NHL Salaries

Why didn’t David Pastrnak sign a contract with the Bruins?

David Pastrnak wanted a normal offseason. He wouldn’t wish the last two he lived on anyone.

Pastrnak underwent hip surgery ahead of 2020-21. He was only allowed to return in the eighth game of the season. Last summer, her son Viggo died in June shortly after birth.

You can then understand why Pastrnak has identified continuing to heal with partner Rebecca Rohlsson and their families and training for 2022-23 as his summer priorities. Not even the question of an eight-year extension and an eight-figure annual salary was at the heart of Pastrnak’s mind.

For now, Pastrnak has assigned agent JP Barry to discuss dollars with general manager Don Sweeney. Pastrnak’s attention has been elsewhere.

“I know there has been contact between Sweens and my agent,” Pastrnak said Friday after his first informal practice at Warrior Ice Arena. “I haven’t had a normal summer for a few years. My biggest thing was to prepare for this season, physically and mentally. This has not been easy. The motivation this year was at its height compared to the last two years. I had hip surgery, and even the last year was tough.

“Finally this summer I was able to work really hard and focus on my game. That was my main focus. That’s why we have agents to take care of this stuff. The player stays focused.

Pastrnak is entering the final season of his six-year, $40 million deal. The Bruins want to sign him with another. Pastrnak shares this opinion. Boston has been home since he was 18, misplacing his passport for a father dealing with the cruellest of heartaches.

Pastrnak, more than ever, will have to win. Friday morning, before the rest of his teammates left, Brad Marchand hit the ice skates for the first time since undergoing double hip surgery on May 27. The No. 1 left winger might not be back until late November or early December.

Matt Grzelcyk and Charlie McAvoy, meanwhile, are recovering from their respective shoulder surgeries. They’re used to defending hard and putting the puck on Pastrnak’s stick.

With three string shooters and a new coach, Pastrnak needs to come out strong early on if the Bruins have any chance of holding serve. Pastrnak is focused on instant chemistry with Taylor Hall and David Krejci, his most likely linemates, more than putting pen to paper.

Sweeney and Barry searched for a solution. They met in Montreal before the draft in June, even before Pastrnak was eligible to sign an extension. Talks continued through the summer.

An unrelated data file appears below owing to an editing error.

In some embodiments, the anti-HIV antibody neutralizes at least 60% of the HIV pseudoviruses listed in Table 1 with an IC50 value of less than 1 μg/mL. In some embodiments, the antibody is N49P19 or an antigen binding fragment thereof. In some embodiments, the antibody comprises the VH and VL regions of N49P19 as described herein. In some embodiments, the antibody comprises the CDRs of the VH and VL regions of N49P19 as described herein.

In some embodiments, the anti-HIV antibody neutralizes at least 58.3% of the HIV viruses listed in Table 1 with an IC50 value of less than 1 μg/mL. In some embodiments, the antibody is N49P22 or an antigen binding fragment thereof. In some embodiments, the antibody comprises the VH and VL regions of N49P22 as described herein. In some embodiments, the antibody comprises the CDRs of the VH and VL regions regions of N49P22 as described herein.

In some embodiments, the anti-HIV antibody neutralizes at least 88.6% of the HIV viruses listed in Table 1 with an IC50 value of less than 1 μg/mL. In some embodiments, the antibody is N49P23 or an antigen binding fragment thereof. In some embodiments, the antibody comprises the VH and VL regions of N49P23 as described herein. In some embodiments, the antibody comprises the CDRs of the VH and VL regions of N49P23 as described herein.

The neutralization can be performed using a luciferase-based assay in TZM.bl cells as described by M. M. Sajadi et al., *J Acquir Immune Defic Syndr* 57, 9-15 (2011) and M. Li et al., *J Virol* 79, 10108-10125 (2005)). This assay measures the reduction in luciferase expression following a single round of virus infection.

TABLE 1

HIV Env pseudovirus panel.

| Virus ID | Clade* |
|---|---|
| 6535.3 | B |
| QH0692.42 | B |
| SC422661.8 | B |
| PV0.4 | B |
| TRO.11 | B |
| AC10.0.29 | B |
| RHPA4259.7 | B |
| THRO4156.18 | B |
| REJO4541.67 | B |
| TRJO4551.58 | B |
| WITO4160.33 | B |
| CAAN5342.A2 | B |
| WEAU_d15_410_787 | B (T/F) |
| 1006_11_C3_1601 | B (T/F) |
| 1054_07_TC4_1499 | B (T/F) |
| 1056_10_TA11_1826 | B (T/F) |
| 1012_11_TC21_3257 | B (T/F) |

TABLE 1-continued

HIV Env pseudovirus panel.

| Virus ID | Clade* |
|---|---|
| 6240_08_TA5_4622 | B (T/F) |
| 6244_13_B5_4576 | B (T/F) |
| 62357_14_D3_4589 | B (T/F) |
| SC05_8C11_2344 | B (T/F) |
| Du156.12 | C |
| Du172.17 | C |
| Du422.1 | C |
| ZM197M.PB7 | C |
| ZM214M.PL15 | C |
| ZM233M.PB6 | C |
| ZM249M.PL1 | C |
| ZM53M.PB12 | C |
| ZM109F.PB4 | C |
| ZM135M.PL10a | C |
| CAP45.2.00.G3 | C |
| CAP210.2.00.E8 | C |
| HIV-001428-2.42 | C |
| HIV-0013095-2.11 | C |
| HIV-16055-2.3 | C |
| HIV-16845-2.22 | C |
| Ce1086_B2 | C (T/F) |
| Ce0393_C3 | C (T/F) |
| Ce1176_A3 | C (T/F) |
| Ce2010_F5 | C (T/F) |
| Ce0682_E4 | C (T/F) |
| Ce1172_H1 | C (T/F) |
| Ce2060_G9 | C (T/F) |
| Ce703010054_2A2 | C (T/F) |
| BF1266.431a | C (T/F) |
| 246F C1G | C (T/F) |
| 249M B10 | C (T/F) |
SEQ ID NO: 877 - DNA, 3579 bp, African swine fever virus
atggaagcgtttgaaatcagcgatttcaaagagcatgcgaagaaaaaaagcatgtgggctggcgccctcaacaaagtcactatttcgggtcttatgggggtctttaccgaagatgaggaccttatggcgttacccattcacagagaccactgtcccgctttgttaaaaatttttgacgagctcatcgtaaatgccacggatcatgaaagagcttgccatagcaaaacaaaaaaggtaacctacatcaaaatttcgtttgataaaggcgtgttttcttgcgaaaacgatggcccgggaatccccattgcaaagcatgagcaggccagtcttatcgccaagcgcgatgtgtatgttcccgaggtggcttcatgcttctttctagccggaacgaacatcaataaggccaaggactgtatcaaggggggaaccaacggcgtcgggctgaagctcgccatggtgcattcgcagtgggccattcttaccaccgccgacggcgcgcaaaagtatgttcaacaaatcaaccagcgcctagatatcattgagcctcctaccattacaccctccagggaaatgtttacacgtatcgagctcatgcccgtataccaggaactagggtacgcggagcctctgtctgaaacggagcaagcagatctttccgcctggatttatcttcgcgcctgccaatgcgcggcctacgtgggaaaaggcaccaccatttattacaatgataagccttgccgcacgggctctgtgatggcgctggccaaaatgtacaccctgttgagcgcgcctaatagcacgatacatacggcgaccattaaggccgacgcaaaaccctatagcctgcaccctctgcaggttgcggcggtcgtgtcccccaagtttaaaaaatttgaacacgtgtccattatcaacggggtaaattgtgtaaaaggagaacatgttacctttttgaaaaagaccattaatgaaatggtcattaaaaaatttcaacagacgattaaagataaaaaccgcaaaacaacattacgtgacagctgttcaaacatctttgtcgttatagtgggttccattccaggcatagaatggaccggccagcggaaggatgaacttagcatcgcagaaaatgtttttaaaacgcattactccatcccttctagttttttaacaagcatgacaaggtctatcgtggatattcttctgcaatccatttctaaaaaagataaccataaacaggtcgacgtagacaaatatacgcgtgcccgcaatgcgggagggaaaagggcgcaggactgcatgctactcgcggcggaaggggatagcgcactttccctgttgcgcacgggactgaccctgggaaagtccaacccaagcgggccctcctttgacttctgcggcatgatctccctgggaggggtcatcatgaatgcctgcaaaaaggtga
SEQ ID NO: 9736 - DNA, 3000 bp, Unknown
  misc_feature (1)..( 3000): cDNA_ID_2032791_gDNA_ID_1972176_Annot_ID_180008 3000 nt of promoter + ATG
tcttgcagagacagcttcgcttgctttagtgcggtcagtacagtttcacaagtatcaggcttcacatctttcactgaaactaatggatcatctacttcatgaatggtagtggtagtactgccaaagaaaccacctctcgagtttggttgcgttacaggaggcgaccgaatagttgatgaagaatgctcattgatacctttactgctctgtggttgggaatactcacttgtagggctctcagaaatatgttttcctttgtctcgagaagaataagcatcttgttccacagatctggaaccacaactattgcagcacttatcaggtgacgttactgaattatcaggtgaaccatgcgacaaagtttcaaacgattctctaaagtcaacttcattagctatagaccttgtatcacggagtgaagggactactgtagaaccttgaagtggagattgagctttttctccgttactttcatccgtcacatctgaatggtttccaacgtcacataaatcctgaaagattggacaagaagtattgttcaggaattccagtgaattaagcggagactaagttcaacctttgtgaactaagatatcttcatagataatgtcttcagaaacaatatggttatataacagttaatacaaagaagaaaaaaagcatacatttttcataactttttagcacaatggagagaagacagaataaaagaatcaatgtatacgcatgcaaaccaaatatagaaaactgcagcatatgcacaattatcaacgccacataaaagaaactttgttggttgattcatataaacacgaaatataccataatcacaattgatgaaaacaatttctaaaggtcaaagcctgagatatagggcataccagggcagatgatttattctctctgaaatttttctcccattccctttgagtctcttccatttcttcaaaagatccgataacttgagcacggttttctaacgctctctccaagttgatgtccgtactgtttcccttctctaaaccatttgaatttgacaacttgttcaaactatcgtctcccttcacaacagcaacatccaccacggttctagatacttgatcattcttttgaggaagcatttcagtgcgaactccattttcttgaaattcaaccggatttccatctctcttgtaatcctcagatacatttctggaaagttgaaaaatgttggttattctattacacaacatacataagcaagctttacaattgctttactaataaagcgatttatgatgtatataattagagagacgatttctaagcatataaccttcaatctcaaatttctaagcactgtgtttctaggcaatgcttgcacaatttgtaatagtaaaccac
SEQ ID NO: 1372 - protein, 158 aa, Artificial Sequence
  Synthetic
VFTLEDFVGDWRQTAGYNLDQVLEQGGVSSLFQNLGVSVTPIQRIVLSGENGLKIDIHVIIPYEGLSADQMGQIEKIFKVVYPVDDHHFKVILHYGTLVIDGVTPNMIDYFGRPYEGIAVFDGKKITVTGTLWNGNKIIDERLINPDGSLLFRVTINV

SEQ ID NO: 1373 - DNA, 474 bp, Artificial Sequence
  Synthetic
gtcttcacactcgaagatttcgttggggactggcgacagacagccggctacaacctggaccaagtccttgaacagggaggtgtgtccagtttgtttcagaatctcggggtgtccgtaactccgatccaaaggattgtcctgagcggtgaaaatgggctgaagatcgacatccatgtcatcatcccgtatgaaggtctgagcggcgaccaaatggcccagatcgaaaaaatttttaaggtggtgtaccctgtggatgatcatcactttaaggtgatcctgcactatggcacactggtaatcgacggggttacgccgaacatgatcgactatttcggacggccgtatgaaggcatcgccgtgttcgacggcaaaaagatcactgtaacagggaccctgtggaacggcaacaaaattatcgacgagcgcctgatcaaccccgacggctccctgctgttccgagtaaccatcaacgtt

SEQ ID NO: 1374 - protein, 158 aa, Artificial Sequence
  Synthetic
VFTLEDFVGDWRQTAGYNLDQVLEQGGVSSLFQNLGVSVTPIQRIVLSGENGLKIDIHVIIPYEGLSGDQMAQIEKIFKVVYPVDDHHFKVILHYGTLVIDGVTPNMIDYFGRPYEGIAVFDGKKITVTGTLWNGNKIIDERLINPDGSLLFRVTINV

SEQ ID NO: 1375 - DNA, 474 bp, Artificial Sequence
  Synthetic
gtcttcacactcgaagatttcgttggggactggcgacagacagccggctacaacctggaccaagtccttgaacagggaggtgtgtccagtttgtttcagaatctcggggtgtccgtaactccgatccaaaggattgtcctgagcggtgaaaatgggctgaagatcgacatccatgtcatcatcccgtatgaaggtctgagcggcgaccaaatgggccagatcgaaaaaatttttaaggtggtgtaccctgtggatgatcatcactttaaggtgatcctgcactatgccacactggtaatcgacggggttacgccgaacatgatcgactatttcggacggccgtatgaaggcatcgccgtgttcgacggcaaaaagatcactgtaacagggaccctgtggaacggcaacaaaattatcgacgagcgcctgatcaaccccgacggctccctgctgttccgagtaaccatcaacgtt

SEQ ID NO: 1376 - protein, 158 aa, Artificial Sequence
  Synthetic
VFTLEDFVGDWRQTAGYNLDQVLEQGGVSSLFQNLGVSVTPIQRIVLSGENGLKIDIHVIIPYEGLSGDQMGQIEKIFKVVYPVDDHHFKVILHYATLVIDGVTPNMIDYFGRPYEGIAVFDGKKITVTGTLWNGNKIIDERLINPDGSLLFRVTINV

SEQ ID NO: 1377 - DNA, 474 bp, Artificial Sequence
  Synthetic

Pastrnak is used to practicing contractual patience. In 2017, when his entry-level contract expired, he signed his extension on September 14, when daytime training camp opened. He only arrived in Boston after his teammates had undergone medicals and hit the ice for the start of camp.

Circumstances have changed since Pastrnak’s last contract. He’s a more fully expressed superpower, one that stands shoulder-to-shoulder with the game’s most dangerous offensive wizards. Zdeno Chara and Tuukka Rask, standout pieces in 2017, are gone. Krejci and Patrice Bergeron are back for 2022-23. But at their age, projections beyond the present are a waste of time to do.

Meanwhile, wages are rising.

• JT Miller, who has just one season left on his contract, signed a seven-year, $56 million contract on 2 September. Miller is 30 years old.

• Jonathan Huberdeau, who is also entering the final season of his contract, signed an eight-year, $84 million blockbuster on 4 August. Huberdeau is 29 years old.

• As an unrestricted free agent, Johnny Gaudreau scored a seven-year salary of $68.25 million on July 13. Gaudreau is 29 years old.

Considering his age and projected performance, Pastrnak is right to win more than all three. The Bruins are in no position to disagree.

Pastrnak and McAvoy are their future. Bergeron and Krejci didn’t return to see Pastrnak traded instead of extended.

Pastrnak probably doesn’t want that either. He is likely to share many more shifts with Krejci than he has in the past. A reunion at the 2022 World Championship in Finland brought Pastrnak to life. The Czechs won bronze with Krejci (three goals, 12 points) and Pastrnak (seven and 10) strutting.

“I have to say that was a highlight of my last season,” Pastrnak said. “The joy it brought me to play hockey again at the World Championship is kind of what I was looking for when I went there this year. It happened.”

Krejci had yet to decide on his 2022-23 destination at the time. Pastrnak likes to think he played a role in his return to Boston.

“A few apples at Worlds, passed him a few empty nets, let him win at cards,” Pastrnak said. “I had a few beers in Czech. And he’s back. We obviously talked a lot. I can’t wait for him to come back and things to pick up again. »

Krejci, 36, doesn’t have much of a future in the NHL. This is not the case for Pastrnak. He still has a lot to do. The salary at which he performs these things may soon be determined.

(Photo: James Guillory/USA Today)